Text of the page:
Ghostrunner is the next best thing if you miss Cyberpunk in November. The game carries a Cyberpunk theme with appropriate music, but plays like a hardcore action platformer.
In Ghostrunner you enter the body of.. Yes, a Ghostrunner. Number so many not to be exact. The storyteller told me once, but I was trying way too hard not to die, so I couldn't follow the story properly. This is actually my biggest flaw about the game. And honestly, also the only one.
Time to run
You start the game just as you crashed after a female Doctor Octopus chopped off your arm. You wake up with no memories and are greeted by an AI voice in your head, Architect. He is responsible for the Ghostrunners' existence as a security corps, but was betrayed by Mara, who now runs the whole thing. Your revenge mission starts here and your first assignment is to free Architect so he can help you navigate the tower in which the game takes place.
No sooner said than done, but now that's not how it works in this hardcore action platformer. Ghostrunner is very difficult, but the difficulty level is not such a problem because the game works with a very neat checkpoint system where you reach an invisible checkpoint after almost every encounter. That's a good thing because dying is a very common phenomenon. On average I die every level as often as in the last level of Crash Bandicoot 4 (lucky if you don't know this one yet). Fortunately, the many checkpoints ensure that the frustration level remains surprisingly low.
Run, jump, cut
The game actually consists of two major parts. Platforms and combat. One goes without the other, but that's not the rule. In addition to platform and combat sections, in many cases you will have to taste both flavors together to master the challenge. And this is so cool to do, but damn! How hard can it be. This is because you cannot take any damage. If you get hit once, you're out. Try again.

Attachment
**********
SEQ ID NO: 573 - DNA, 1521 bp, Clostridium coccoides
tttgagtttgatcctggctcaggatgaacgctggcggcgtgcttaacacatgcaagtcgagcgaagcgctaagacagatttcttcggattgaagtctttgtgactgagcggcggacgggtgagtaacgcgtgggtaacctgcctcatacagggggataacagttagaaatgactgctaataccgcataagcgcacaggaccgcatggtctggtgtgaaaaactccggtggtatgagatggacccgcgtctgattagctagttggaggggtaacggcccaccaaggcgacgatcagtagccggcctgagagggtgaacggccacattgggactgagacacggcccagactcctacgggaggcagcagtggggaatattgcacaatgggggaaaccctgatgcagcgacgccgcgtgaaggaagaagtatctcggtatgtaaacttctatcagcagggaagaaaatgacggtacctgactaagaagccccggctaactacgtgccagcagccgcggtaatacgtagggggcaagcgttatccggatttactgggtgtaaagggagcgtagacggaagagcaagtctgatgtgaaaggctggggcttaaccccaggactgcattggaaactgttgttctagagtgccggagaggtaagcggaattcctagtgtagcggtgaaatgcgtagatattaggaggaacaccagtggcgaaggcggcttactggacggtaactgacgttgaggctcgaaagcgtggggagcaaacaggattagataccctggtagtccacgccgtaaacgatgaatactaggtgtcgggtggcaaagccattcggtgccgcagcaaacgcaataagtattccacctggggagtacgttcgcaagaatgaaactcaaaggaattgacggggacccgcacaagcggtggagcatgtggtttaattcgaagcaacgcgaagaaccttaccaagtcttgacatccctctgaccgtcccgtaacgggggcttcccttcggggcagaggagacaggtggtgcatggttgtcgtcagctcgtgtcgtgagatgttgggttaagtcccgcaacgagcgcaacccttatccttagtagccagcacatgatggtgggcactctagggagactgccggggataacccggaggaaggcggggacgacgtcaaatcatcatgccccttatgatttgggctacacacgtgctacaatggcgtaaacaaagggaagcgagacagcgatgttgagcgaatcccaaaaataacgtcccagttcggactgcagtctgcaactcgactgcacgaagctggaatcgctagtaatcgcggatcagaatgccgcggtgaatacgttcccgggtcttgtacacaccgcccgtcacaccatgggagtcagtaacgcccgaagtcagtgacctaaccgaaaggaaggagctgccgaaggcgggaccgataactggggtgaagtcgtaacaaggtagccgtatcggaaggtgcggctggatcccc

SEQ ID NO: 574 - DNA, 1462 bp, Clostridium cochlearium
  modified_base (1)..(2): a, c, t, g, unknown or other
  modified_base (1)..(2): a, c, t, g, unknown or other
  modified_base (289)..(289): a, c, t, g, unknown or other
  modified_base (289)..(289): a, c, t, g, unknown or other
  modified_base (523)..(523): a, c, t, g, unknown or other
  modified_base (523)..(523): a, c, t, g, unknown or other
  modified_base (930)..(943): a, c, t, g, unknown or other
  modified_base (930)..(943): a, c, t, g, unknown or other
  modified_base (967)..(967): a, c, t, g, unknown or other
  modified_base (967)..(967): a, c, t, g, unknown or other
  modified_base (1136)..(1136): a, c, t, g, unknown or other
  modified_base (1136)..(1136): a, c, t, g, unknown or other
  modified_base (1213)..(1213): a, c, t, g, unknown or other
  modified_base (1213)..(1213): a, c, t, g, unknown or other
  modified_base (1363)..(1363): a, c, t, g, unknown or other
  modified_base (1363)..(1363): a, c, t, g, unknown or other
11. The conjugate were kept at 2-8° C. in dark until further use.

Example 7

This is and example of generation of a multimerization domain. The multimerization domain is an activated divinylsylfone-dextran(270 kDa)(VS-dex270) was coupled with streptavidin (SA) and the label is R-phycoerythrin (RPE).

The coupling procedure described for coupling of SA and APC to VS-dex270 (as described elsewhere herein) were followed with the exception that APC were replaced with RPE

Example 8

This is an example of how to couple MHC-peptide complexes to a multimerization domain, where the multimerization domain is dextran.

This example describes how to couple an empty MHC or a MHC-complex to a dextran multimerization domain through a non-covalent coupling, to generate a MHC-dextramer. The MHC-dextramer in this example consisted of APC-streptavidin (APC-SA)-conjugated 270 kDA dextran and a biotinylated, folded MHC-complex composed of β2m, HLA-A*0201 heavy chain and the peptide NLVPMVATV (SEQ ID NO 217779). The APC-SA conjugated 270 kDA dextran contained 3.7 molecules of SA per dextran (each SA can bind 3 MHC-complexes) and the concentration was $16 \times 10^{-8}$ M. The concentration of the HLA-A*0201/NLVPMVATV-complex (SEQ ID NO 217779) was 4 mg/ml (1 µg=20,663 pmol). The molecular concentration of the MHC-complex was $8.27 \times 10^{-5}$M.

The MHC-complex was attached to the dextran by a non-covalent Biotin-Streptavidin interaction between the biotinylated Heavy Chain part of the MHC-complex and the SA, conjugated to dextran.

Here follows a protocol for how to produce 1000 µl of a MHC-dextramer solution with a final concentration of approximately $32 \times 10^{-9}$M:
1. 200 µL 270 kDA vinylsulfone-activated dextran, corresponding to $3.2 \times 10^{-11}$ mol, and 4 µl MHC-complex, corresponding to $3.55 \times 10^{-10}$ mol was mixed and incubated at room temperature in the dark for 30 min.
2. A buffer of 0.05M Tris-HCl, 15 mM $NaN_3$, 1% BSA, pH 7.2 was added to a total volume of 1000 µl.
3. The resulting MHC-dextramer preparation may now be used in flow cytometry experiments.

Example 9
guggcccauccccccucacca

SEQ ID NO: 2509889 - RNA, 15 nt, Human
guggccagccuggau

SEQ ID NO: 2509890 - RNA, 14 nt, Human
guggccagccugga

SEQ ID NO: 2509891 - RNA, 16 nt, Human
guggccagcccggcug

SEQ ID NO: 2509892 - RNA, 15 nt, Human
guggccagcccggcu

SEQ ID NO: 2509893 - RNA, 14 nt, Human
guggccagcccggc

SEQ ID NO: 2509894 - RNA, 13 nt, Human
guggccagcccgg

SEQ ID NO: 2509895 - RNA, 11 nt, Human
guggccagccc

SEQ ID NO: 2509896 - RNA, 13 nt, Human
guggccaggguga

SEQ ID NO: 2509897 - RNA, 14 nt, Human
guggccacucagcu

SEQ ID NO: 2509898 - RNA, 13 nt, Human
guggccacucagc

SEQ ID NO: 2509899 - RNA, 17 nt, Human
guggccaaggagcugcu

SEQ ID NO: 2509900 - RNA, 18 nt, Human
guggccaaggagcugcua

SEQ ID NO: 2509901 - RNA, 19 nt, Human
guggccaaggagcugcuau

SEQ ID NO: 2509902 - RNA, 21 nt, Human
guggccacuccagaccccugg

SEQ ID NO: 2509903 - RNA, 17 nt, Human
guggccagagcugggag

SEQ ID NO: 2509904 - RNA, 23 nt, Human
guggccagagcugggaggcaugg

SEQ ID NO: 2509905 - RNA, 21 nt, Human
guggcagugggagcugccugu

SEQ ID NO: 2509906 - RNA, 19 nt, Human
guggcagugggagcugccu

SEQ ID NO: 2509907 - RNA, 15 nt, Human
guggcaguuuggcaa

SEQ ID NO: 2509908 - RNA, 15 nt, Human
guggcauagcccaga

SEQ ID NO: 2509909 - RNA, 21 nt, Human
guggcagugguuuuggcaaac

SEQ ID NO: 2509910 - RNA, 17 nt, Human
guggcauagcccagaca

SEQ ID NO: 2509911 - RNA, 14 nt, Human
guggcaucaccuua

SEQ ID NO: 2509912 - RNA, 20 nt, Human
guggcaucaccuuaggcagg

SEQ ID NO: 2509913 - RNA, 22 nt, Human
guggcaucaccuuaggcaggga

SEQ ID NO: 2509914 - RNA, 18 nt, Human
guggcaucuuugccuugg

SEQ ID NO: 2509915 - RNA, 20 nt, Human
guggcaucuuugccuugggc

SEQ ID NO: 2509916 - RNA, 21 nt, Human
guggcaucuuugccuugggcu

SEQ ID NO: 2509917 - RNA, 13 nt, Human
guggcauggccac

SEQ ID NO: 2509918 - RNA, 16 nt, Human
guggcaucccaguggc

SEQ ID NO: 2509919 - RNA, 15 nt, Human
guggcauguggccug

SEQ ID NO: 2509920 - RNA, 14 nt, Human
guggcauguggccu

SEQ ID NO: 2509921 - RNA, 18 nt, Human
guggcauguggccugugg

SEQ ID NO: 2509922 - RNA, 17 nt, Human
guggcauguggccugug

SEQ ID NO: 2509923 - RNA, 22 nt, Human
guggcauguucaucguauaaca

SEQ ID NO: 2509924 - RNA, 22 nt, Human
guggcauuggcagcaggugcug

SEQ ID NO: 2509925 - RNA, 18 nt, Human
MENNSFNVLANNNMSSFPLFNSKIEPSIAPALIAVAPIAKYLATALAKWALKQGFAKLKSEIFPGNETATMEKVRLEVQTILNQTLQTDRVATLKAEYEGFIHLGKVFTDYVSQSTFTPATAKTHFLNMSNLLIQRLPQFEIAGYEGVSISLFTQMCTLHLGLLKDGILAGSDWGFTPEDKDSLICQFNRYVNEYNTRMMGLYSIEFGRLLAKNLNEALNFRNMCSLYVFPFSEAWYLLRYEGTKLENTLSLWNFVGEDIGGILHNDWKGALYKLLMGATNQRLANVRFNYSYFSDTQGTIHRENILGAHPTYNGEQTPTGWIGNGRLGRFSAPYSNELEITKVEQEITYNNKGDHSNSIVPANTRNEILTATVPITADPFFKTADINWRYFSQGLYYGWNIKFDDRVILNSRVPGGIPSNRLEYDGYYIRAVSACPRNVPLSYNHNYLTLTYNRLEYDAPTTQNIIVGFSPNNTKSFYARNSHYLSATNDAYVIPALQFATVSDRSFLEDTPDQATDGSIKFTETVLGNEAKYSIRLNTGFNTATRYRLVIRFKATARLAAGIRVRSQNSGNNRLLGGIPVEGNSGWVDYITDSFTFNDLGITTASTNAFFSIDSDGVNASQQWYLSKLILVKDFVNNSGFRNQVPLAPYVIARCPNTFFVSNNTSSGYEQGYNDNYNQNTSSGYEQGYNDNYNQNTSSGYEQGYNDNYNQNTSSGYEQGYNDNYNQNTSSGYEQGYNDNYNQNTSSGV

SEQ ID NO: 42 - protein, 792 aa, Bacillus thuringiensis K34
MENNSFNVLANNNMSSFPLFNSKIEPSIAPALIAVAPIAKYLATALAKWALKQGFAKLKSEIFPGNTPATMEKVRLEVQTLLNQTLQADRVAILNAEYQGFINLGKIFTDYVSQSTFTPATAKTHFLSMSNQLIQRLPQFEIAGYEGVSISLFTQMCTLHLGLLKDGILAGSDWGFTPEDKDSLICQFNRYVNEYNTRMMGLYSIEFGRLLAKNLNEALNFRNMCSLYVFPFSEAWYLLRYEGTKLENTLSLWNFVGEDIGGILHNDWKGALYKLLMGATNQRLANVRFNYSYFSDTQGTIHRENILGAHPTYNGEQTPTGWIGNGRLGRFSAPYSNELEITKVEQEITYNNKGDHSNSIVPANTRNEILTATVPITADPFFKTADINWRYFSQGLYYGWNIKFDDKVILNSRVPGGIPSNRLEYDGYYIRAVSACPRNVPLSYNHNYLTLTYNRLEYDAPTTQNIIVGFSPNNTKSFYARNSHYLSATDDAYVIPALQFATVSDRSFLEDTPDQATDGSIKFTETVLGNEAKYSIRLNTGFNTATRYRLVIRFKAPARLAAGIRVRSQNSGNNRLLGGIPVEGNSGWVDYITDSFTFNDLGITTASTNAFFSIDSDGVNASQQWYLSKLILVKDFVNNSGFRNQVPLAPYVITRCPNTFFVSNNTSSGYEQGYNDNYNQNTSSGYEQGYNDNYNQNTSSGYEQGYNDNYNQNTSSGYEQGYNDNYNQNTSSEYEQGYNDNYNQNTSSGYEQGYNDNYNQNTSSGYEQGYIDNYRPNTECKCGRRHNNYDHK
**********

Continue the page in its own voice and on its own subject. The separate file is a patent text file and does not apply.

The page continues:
Fortunately, it's made a little easier for you by a temporary bullettime mode that you can activate when you are in the air. This allows you to dodge bullets in slow motion and you have a very short breather to prepare your next attack. It is therefore really essential to eagerly use this slowmo time because you are being fired on from all sides. And again: one bullet is already fatal.
A faster pace
As you progress through the game the challenges get harder, you have to be quick in your feet while paying close attention and making the right choices in a flash of a second. Enemies become more difficult and come with shields or in the form of ninjas that you must first block before you can unleash a counterattack. Fortunately, it's not all that bad, because you also get some new powers yourself, such as a force push. Most new powers, on the other hand, are on a cooldown. So it doesn't get much easier.
It is also becoming increasingly challenging when it comes to platforms. In the beginning you do it with slides, walls that you have to run down and soon you get a grappling hook to move yourself through the air. The pace is getting faster and the platforms you have to use to progress become less static. Platforms will move in the air, which means that not only your precision has to be good, but also your timing.
Trial and Error
Ghostrunner mainly consists of Trial and Error. I've mentioned it a few times: the game is quite difficult. But don't let this difficulty level influence you. The loading times are very short so you can try the failed section again very quickly. Building up a so-called muscle memory therefore happens quite quickly, so that you get further and further, until you finally manage to achieve a certain encounter after a few tries. The pattern remains almost the same every time.
What number was I again?
The last of its kind, number 74. Fate is in your hands, one of which has just been chopped off. Luckily you got a robotic arm in return. 'Every advantage has its disadvantage', because this arm comes with a number of tricks. This also applies to the game itself. Constant movement and tension where you don't really want to stand still for a second, but you actually have to. At least if you want to follow the story. I already mentioned that this was actually my only flaw in the game. Running and jumping, Architect talks to you and tells you all kinds of things, but it doesn't stick very well because you're concentrating on what's happening. If you really want to follow the story, you have to stop and listen to what Architect has to tell you. Fortunately, the story is not the carrier of this game.
Ghostrunner is the closest to Cyberpunk you can get in November (yes, I know the game came out in October). But the game is more than just a cool Cyberpunk theme. It is a cleverly put together platformer with a lot of challenge that the seasoned Dark Souls will enthusiastically lose a lot of sweat to.
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